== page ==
Central Okanagan Search and Rescue volunteers conduct a recent search through the snow. —Image: Facebook/COSAR

Avalanche danger climbs to high for Okanagan

Central Okanagan Search and Rescue warn against travel into the backcountry

Central Okanagan Search and Rescue is advising the public to stay out of the backcountry due to rapidly changing snow conditions and the danger of avalanche.

Dave Crawford, COSAR search manager, said Tuesday warming weather is creating a danger and he is not recommending travel in the backcountry due to the changing conditions.

The Okanagan’s snowpack is currently sitting at 123 per cent of normal, according to the latest figures from the BC River Forecast Centre.

“It’s very scary right now,” said Crawford. “Snowpacks don’t like change and we’ve seen a lot of change in the past few weeks. We’ve seen a cooling trend followed by snowfall and then followed by warming trends.”

According to Avalanche Canada, conditions in mid-level treeline areas of the Kootenay-Boundary region—which includes the Okanagan—were rated as a 4, or high, on the danger index Tuesday.

That rating is described as very high avalanche condition. Travel is not recommended, there is a likelihood of natural avalanches and human-triggered avalanches are very likely. Large avalanches could occur in many areas and very large ones in specific areas.

The high-level alpine and low-level below treeline areas were rated at 3, or considerable, in terms of avalanche danger.

That rating is described as dangerous conditions and the need for cautious snowpack evaluation. Natural avalanches are possible and human-triggered ones likely. Small avalanches could occur in many areas and large ones in isolated areas.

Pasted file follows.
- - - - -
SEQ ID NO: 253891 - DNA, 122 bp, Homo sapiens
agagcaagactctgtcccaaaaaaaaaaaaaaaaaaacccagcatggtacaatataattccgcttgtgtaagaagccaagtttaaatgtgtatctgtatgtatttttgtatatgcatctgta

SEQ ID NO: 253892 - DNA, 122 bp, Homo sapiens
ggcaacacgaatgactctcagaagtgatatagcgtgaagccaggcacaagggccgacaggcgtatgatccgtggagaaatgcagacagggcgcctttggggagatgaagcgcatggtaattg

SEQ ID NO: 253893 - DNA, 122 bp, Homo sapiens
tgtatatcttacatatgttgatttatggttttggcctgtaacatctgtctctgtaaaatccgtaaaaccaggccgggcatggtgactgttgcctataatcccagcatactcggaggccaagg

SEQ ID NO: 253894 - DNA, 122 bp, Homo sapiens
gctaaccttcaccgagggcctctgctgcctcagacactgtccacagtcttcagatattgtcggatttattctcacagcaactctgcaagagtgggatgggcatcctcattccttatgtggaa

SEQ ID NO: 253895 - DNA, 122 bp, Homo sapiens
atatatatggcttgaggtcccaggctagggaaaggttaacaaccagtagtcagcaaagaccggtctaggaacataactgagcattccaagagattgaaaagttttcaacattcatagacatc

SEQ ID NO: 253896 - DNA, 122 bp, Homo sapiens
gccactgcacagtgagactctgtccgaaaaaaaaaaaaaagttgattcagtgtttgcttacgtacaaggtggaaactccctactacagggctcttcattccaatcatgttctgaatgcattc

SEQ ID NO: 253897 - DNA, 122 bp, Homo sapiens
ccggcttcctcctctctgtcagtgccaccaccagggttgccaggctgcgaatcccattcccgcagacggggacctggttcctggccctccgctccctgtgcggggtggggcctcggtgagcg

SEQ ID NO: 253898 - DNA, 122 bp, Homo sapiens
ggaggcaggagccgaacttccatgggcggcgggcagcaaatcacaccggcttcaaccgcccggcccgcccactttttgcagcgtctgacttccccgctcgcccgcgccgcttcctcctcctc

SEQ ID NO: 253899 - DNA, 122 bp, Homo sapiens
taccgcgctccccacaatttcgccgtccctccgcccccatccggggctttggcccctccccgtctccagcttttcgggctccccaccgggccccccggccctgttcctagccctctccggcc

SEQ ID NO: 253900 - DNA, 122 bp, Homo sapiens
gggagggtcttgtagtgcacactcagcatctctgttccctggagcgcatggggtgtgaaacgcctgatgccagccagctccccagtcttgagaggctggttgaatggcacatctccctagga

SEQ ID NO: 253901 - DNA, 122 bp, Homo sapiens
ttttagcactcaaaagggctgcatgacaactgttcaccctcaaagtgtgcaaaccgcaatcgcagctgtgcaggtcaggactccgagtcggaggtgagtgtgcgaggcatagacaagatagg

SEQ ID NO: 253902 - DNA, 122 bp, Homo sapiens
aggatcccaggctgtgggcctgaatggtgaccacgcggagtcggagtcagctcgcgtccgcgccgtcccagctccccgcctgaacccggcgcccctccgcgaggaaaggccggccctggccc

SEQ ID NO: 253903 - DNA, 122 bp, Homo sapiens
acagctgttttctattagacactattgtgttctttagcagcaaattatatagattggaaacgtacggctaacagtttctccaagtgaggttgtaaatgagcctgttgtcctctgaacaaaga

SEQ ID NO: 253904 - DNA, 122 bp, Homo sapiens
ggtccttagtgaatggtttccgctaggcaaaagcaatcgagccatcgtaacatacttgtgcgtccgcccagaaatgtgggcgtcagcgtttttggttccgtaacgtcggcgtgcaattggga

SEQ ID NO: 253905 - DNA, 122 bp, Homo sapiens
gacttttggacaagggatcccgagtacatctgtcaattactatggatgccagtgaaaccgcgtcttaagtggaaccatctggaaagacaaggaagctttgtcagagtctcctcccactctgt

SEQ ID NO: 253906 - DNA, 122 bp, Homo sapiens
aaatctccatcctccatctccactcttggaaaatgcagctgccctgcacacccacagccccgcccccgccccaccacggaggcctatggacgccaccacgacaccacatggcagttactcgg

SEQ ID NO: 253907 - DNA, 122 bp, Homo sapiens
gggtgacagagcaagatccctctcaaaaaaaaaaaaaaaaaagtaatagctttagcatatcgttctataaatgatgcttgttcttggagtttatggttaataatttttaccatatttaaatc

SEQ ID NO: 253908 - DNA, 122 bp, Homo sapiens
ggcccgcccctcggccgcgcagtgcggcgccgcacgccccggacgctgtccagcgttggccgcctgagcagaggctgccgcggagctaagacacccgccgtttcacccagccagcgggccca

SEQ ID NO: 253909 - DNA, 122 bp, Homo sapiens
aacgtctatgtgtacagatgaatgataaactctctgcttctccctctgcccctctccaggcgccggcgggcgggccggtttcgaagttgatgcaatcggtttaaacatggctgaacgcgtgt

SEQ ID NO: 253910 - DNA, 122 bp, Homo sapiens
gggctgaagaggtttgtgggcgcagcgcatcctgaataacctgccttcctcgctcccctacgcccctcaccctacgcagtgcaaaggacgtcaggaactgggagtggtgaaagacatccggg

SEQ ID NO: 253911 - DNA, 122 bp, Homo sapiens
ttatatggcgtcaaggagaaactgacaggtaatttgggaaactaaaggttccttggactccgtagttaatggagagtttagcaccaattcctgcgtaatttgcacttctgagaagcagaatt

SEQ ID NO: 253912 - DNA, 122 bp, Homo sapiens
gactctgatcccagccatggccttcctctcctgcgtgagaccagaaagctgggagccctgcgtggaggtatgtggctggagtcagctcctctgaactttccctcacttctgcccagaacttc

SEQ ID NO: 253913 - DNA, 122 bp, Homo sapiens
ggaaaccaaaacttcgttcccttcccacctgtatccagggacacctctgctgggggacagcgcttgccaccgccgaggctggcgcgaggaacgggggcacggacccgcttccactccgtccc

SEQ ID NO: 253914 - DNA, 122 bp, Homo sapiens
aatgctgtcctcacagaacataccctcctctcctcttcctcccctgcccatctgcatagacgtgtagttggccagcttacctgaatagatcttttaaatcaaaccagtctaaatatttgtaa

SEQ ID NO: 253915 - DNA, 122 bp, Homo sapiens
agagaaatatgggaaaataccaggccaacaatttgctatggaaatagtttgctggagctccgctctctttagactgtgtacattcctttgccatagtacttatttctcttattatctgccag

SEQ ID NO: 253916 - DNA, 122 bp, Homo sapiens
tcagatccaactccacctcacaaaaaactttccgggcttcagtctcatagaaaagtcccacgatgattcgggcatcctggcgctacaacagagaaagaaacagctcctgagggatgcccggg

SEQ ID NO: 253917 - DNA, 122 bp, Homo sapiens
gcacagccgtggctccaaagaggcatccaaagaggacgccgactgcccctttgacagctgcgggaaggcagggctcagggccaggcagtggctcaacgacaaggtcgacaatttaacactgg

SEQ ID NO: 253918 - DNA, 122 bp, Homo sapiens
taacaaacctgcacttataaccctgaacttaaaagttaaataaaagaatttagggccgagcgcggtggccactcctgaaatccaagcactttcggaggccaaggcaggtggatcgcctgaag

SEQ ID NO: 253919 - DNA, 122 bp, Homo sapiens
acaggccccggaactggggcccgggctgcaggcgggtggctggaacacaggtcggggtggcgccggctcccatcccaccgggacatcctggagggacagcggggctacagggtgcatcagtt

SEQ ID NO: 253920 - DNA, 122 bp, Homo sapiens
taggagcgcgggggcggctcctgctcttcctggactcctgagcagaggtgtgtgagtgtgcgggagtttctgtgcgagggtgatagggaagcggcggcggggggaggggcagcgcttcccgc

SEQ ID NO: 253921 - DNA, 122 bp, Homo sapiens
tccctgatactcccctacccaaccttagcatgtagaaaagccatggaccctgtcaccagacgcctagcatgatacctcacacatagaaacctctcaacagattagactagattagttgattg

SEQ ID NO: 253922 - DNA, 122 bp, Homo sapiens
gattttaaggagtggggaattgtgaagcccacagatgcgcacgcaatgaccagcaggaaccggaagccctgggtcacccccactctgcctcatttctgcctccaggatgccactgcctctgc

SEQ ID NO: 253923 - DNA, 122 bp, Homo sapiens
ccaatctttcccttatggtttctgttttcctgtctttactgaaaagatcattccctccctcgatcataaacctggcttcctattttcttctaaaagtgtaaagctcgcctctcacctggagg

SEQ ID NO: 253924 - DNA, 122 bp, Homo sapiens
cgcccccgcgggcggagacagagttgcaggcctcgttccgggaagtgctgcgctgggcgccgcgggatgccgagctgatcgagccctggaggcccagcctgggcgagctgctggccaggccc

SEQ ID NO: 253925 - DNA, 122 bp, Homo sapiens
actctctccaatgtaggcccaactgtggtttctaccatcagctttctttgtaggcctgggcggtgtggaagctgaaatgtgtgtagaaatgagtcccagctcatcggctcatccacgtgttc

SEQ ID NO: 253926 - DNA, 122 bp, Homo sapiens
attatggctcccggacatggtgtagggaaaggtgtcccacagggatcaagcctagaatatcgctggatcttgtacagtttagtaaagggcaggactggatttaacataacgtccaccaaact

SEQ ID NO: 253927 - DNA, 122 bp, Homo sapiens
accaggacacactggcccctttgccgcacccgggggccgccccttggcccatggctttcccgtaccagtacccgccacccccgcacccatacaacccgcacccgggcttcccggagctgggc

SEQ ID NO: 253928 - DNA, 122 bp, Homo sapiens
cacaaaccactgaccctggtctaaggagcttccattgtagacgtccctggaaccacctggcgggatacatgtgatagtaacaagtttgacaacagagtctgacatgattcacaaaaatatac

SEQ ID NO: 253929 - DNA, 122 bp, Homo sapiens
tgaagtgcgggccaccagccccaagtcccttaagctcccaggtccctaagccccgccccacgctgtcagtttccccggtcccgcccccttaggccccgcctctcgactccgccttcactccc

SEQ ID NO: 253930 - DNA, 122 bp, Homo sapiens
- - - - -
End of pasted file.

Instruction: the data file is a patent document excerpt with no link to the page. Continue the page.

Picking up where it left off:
Related story: Kelowna snowmobilers thankful to be safe

“If you are not trained and experienced in the backcountry, it may be best not to go,” said Crawford.

“You want to avoid avalanche terrain entirely. The potential is increasing for large avalanches at all elevations and the triggers are getting more and more sensitive.”

He said when conditions are this sensitive, snow can slide on its own, just under its own weight.

“So a skier or a loud noise can start an avalanche,” he said.

To report a typo, email: edit@kelownacapnews.com.



awaters@kelownacapnews.com

Like us on Facebook and follow us on Twitter.

Just Posted

UPDATE: Tsunami warning cancelled for coastal British Columbia

Warning issued following 7.9 earthquake off Kodiak, AK

Coordinated search finds missing Kelowna boy

All available police resources were called in to help find a missing boy Monday afternoon

Kelowna students leave for downhill challenge

A group of students from UBCO is ready for annual concrete toboggan race

Kelowna’s Serwa named to Olympic team

Kelsey Serwa is one of eight Canadian ski cross athletes headed to PyeongChang

Vernon Search & Rescue find lost snowmobiler

Male, 19, went missing in Hunter’s Range area near Enderby

Testing the Google Arts & Culture app

Going face to face with art

Slayer adds Penticton to North American tour

Slayer adds the South Okanagan Events Centre as a stop on their last tour

‘Shape of Water’ producer, Christopher Plummer among Canadian Oscar nominees

Guillermo del Toro film about merman romance earns 13 nominations

Vancouver Canucks confirm participation in NHL Young Stars

Canucks confirmed participation, at least for this year, in the NHL Young Stars event in Penticton

Canada, TPP agrees to revised deal without the United States

Canada and the remaining members of the Trans-Pacific Partnership have agreed to a revised trade agreement

Tsunami warnings 101: Canada

Here are some things to know about tsunami alerts in Canada and how they work

Rogers Media cuts ties with Vice Canada

Rogers Media and Vice Canada are ending their three-year-old partnership, pulling Viceland TV channel off the air

Snowfall warnings for mountain passes

Lots of snow expected to fall today.

Most Read